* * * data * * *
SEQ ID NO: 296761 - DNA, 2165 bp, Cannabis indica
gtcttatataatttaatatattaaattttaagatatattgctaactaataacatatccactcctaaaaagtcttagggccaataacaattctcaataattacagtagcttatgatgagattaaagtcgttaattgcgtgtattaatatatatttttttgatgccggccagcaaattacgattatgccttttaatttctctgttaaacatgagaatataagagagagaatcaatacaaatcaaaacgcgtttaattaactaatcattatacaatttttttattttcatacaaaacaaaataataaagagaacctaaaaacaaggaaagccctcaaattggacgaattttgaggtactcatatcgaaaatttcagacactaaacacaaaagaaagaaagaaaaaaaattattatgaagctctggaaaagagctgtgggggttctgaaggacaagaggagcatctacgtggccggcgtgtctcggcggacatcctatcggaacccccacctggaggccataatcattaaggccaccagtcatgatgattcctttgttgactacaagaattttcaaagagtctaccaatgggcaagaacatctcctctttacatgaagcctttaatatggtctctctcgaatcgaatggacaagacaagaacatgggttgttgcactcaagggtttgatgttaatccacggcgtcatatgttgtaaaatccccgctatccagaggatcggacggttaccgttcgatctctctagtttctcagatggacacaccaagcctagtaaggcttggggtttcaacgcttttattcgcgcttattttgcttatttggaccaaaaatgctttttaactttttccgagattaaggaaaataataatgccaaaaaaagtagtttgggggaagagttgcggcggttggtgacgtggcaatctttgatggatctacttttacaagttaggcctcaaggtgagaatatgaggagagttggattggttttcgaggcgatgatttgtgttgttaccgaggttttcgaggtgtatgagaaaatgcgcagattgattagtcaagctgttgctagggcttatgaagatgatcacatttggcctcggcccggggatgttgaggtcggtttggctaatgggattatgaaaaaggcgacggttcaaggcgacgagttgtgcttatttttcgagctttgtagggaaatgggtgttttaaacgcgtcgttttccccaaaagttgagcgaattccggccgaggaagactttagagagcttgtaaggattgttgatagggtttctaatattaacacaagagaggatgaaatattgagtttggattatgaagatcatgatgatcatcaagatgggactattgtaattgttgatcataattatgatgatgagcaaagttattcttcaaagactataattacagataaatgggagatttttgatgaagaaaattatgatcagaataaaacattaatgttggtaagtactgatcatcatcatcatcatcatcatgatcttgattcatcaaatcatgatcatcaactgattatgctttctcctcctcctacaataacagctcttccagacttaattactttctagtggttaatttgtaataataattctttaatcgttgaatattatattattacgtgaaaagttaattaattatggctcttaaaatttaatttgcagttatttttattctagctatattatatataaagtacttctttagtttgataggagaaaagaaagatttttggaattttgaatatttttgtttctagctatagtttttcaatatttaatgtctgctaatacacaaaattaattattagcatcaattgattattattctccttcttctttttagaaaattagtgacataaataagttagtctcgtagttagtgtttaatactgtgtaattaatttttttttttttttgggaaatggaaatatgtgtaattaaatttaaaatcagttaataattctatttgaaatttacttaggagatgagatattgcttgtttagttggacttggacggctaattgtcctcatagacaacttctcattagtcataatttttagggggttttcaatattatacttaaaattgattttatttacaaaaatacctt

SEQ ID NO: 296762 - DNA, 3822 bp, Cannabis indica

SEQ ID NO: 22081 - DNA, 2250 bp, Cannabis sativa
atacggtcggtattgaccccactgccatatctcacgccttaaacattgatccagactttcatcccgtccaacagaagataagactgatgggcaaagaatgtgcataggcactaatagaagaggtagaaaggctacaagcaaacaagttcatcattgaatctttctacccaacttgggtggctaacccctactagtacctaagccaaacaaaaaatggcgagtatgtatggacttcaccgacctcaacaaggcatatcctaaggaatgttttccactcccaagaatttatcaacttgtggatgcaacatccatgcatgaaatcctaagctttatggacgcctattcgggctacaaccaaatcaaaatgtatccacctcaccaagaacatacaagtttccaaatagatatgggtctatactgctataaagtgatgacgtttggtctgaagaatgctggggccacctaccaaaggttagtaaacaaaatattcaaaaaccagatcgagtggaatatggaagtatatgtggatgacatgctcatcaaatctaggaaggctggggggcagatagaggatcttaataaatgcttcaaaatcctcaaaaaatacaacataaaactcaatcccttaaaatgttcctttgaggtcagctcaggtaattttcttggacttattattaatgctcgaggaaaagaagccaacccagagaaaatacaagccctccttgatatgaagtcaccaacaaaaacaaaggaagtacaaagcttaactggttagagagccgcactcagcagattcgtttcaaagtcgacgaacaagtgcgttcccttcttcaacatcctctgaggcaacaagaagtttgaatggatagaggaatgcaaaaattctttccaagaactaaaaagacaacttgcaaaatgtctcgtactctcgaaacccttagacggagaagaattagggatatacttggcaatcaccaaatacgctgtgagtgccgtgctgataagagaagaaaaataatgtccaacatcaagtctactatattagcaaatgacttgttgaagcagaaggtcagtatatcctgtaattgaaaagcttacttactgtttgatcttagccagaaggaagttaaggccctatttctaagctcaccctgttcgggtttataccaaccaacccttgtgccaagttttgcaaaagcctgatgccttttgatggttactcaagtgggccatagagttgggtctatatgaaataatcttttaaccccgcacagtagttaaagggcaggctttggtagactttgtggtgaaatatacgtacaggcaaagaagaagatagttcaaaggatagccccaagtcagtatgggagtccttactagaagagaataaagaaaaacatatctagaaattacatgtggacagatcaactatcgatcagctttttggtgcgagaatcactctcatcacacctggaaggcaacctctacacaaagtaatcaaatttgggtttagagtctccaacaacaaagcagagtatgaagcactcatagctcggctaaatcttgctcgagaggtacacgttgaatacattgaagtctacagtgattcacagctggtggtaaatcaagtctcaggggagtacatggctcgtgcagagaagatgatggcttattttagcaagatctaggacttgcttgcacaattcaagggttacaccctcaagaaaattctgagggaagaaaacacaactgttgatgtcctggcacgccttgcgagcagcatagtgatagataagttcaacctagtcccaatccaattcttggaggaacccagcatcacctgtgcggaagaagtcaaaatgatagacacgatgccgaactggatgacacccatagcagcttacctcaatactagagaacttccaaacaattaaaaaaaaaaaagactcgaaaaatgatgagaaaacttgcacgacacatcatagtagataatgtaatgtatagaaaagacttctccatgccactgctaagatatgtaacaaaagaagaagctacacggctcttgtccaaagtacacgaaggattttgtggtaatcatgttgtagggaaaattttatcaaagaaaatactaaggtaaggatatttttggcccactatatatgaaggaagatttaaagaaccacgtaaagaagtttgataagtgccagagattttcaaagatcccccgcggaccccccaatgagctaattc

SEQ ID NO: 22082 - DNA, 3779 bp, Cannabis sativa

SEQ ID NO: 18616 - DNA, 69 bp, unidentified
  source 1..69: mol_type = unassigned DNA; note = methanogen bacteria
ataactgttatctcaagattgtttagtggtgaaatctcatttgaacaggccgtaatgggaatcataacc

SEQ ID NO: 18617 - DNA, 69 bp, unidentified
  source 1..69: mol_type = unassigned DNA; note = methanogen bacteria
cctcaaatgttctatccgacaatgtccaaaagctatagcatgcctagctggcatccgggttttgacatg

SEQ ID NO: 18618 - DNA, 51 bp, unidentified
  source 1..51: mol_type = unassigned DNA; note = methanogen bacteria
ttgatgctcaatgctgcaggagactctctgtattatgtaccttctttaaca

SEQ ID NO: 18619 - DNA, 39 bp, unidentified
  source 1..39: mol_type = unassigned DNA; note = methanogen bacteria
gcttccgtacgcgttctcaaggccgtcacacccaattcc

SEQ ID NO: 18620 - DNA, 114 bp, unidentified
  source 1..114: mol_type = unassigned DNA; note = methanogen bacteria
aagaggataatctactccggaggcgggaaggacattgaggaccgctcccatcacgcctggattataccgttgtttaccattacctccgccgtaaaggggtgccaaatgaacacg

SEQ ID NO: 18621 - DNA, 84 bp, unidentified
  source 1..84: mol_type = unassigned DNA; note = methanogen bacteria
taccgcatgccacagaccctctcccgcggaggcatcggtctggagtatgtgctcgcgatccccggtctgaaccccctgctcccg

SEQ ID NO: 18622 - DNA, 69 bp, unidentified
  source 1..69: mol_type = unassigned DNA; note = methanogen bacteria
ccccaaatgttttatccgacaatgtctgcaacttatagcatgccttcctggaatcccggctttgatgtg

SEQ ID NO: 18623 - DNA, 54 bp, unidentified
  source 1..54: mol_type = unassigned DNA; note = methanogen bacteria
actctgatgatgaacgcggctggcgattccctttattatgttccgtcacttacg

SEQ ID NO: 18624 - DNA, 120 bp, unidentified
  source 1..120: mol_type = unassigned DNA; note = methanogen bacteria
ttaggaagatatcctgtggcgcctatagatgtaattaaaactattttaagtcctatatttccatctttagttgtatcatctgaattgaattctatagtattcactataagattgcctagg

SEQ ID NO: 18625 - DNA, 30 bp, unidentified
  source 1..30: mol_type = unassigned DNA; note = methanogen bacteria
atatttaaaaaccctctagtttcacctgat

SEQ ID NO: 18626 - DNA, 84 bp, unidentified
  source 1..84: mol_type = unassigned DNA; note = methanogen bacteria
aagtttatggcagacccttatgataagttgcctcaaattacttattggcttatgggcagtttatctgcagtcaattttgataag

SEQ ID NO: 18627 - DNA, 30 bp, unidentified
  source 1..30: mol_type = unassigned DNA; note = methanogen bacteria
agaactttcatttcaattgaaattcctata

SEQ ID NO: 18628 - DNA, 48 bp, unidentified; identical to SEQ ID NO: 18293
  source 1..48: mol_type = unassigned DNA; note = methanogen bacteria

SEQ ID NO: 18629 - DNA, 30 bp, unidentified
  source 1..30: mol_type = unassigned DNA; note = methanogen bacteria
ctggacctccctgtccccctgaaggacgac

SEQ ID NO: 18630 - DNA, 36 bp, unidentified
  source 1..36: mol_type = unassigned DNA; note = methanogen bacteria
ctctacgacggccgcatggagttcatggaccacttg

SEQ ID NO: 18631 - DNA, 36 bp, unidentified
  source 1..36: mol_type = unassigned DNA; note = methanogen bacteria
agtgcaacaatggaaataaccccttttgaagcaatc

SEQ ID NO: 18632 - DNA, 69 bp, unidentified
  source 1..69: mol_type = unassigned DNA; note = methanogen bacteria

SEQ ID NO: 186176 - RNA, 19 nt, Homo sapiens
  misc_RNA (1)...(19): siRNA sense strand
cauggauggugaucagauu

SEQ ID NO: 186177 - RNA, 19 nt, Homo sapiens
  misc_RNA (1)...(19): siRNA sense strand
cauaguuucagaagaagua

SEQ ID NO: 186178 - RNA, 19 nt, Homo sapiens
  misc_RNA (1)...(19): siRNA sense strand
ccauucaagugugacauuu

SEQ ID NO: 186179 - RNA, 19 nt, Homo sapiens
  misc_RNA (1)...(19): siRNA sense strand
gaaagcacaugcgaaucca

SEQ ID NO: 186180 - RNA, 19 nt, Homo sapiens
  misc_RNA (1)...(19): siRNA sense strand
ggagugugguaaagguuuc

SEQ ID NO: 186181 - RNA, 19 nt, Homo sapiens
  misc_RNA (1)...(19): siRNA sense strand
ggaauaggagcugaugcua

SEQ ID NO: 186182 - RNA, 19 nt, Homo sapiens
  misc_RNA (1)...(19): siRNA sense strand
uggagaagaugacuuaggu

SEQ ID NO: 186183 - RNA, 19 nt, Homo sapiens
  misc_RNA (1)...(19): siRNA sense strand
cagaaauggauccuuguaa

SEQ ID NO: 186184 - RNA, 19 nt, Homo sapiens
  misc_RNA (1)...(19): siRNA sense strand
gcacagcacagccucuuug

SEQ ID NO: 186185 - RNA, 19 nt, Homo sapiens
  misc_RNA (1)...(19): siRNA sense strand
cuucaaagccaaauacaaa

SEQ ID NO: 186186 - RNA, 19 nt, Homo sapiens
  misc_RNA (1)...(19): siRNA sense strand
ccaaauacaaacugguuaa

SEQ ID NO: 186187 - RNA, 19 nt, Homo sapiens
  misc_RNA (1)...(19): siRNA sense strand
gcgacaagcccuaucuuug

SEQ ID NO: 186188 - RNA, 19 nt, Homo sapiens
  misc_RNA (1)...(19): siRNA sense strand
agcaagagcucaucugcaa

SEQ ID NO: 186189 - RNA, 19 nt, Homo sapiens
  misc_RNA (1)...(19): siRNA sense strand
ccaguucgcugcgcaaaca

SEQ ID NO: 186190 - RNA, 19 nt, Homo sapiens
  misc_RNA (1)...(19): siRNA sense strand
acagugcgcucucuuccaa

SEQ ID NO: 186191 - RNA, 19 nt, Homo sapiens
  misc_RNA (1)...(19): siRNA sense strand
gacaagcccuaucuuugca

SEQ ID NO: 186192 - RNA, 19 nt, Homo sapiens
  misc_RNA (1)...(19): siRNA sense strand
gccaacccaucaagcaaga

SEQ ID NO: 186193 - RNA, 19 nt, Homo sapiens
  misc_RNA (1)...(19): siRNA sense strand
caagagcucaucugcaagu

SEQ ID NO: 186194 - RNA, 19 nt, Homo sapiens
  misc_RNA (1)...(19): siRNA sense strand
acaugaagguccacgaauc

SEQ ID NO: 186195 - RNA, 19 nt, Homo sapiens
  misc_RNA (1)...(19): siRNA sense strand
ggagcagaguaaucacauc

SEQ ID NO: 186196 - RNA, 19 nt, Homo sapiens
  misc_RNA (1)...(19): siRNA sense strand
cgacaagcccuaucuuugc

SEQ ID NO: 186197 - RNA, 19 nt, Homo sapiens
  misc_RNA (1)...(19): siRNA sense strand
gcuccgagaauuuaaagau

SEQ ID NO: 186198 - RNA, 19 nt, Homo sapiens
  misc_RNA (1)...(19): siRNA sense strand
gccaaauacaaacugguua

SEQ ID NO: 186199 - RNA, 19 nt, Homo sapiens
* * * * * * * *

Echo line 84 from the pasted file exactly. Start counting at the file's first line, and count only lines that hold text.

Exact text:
  misc_RNA (1)...(19): siRNA sense strand